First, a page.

In short, Simons’ rant is an attempt to prevent criticism of the Neocons and corporatists of New Labour. It is not a genuine response to anti-Semitism, however hard Simon tries to insinuate that there is still rampant Jew hatred in the party. His rhetorical introduction to the accusation that Corbyn corruptly traded a peerage with Shami Chakrabarti in return for her clearing the party with the words, ‘some believe’, is an age-old Fleet Street device to get round a possible libel claim. It’s not being asserted as fact, merely as a belief, which is protected under law.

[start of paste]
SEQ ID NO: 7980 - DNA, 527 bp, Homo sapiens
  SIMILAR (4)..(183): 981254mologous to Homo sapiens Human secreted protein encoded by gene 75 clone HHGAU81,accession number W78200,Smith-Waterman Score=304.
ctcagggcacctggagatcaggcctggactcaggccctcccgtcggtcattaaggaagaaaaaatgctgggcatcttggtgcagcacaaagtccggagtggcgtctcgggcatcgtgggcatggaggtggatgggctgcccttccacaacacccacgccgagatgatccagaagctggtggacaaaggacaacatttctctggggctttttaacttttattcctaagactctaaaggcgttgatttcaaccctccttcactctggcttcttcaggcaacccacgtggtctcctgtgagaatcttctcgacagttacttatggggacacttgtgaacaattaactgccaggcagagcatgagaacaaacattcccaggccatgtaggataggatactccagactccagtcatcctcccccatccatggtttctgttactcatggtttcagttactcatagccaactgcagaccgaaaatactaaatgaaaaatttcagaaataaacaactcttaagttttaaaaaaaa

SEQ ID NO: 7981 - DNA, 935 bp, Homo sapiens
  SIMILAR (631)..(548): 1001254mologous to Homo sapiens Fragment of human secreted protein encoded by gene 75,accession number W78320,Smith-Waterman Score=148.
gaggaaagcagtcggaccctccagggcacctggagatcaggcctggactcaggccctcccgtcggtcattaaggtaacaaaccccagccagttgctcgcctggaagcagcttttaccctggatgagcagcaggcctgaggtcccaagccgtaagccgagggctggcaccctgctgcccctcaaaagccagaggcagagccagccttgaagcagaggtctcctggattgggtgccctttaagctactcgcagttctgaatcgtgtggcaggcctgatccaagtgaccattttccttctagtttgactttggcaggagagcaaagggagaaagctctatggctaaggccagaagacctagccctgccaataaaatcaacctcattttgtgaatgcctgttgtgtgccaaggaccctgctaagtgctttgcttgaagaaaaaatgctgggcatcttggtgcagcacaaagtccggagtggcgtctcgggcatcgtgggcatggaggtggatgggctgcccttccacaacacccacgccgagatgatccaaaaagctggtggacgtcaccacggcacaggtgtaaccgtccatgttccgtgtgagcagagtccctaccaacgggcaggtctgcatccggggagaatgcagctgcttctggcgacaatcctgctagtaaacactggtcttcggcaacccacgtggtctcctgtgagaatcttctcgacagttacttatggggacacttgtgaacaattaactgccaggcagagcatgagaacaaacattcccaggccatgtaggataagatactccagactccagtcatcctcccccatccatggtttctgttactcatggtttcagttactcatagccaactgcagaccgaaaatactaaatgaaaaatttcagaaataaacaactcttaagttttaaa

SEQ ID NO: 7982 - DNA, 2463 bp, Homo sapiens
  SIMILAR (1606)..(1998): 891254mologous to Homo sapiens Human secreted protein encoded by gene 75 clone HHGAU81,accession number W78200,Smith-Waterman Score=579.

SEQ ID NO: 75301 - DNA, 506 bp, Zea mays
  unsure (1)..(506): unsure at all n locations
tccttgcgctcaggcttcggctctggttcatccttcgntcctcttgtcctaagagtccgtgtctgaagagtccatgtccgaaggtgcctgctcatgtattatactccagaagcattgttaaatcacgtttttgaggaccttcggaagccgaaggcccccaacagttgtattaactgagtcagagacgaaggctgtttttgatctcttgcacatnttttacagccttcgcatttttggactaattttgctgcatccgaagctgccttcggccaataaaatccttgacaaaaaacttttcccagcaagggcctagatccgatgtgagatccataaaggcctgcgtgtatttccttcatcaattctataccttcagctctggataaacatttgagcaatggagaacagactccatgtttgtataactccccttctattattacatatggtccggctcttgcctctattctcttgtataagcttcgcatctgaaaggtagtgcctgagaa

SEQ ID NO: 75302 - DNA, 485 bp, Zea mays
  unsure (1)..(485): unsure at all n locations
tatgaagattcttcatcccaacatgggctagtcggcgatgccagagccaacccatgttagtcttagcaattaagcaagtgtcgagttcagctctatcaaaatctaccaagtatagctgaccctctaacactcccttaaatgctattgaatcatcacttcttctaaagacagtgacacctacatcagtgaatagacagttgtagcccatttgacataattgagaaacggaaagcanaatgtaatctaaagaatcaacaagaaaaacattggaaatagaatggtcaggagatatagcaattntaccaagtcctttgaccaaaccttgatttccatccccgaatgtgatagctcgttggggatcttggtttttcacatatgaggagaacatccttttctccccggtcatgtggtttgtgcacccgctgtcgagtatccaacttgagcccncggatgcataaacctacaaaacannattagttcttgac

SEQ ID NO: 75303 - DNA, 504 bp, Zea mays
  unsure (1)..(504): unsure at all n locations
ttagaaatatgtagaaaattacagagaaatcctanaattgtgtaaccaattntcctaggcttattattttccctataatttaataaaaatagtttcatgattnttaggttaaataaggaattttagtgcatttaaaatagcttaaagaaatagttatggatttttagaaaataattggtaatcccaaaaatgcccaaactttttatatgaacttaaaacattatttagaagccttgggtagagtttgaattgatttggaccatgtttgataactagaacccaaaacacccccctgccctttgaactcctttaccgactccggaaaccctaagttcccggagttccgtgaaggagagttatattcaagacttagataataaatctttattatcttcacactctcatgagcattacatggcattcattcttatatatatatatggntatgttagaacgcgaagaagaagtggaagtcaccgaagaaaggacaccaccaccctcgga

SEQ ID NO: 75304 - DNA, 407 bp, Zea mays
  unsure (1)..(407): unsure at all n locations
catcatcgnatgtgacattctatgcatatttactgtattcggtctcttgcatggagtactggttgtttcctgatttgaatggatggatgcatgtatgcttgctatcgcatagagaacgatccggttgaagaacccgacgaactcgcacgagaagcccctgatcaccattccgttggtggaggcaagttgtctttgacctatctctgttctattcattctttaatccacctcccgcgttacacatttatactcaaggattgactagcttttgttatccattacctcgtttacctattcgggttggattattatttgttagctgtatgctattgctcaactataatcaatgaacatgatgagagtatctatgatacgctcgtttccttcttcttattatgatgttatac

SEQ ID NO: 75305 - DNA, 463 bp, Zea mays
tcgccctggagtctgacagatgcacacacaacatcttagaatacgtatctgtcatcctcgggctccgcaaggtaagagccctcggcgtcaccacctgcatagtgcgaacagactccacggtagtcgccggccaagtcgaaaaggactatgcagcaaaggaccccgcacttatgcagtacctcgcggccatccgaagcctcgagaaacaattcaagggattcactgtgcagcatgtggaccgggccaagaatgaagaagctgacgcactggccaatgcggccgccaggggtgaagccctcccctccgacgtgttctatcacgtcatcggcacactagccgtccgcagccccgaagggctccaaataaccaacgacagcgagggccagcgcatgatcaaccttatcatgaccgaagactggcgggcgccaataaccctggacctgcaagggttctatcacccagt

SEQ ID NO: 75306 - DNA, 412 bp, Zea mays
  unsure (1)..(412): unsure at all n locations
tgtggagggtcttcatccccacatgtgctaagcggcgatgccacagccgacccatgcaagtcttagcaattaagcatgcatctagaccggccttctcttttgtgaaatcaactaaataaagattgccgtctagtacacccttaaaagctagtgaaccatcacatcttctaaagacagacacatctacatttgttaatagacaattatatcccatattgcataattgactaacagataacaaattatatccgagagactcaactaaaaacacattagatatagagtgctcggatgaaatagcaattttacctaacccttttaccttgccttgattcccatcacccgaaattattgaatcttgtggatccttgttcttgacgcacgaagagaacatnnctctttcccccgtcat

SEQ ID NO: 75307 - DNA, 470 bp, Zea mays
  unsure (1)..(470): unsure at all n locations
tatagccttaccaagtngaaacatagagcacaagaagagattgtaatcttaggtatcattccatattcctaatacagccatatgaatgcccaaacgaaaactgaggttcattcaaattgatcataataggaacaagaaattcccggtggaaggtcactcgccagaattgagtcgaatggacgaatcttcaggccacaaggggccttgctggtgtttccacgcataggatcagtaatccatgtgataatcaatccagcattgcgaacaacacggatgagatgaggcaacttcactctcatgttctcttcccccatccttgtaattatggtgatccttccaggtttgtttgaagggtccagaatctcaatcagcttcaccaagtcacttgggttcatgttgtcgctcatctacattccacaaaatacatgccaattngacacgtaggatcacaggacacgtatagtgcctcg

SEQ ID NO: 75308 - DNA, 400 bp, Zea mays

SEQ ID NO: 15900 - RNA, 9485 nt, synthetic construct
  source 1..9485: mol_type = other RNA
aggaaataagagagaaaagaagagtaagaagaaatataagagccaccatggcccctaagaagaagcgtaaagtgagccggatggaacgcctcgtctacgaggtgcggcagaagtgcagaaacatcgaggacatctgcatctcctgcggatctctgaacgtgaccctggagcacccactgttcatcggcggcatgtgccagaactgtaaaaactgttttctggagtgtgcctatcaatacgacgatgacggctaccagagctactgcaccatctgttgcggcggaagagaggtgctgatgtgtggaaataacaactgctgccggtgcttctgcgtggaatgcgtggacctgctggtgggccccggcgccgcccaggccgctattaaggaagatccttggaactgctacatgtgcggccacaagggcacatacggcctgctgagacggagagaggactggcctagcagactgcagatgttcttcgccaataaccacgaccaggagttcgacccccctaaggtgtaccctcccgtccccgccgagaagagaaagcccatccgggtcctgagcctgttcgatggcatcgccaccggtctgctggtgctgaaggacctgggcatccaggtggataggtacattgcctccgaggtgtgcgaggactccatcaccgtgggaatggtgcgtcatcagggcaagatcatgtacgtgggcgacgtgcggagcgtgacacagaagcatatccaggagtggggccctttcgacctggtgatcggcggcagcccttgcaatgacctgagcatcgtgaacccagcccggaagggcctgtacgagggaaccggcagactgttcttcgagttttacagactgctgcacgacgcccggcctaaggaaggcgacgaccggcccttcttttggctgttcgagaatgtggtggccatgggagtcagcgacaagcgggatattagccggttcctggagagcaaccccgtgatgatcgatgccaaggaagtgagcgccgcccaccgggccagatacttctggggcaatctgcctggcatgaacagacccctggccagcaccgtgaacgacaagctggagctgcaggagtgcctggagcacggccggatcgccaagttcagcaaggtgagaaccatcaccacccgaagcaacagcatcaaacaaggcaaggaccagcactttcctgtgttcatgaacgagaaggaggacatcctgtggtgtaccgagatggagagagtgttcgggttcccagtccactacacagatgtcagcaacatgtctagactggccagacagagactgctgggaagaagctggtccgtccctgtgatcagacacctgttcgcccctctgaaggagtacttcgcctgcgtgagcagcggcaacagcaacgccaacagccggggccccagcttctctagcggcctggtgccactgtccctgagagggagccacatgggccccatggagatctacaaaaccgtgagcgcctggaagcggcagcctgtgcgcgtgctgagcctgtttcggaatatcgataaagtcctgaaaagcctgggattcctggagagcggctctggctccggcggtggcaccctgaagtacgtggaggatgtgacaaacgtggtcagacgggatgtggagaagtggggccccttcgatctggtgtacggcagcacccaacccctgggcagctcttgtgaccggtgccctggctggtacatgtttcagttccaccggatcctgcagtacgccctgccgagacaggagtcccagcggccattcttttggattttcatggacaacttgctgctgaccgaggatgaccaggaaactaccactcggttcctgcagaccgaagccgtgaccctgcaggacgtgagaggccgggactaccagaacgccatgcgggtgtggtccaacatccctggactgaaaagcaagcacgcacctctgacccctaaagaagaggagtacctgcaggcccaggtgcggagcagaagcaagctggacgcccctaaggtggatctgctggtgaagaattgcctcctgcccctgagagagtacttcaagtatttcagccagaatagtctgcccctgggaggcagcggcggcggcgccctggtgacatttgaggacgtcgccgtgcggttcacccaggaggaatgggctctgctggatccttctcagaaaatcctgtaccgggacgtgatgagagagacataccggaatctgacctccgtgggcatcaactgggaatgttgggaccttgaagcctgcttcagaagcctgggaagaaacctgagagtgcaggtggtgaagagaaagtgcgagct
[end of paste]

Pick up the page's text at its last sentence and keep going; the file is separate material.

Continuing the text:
As For Foster’s hit piece in the Heil, I think Mike and Eoin Clarke are exactly right. And underlying it is the same fear that New Labour and its corporate and Zionist backers are losing their grip on the party. And so Foster is doing everything he can to smear their opponents – Corbyn and his supporters – as anti-Semites, even though they aren’t, and include many Jews and activists with a long history of combating racism and anti-Semitism.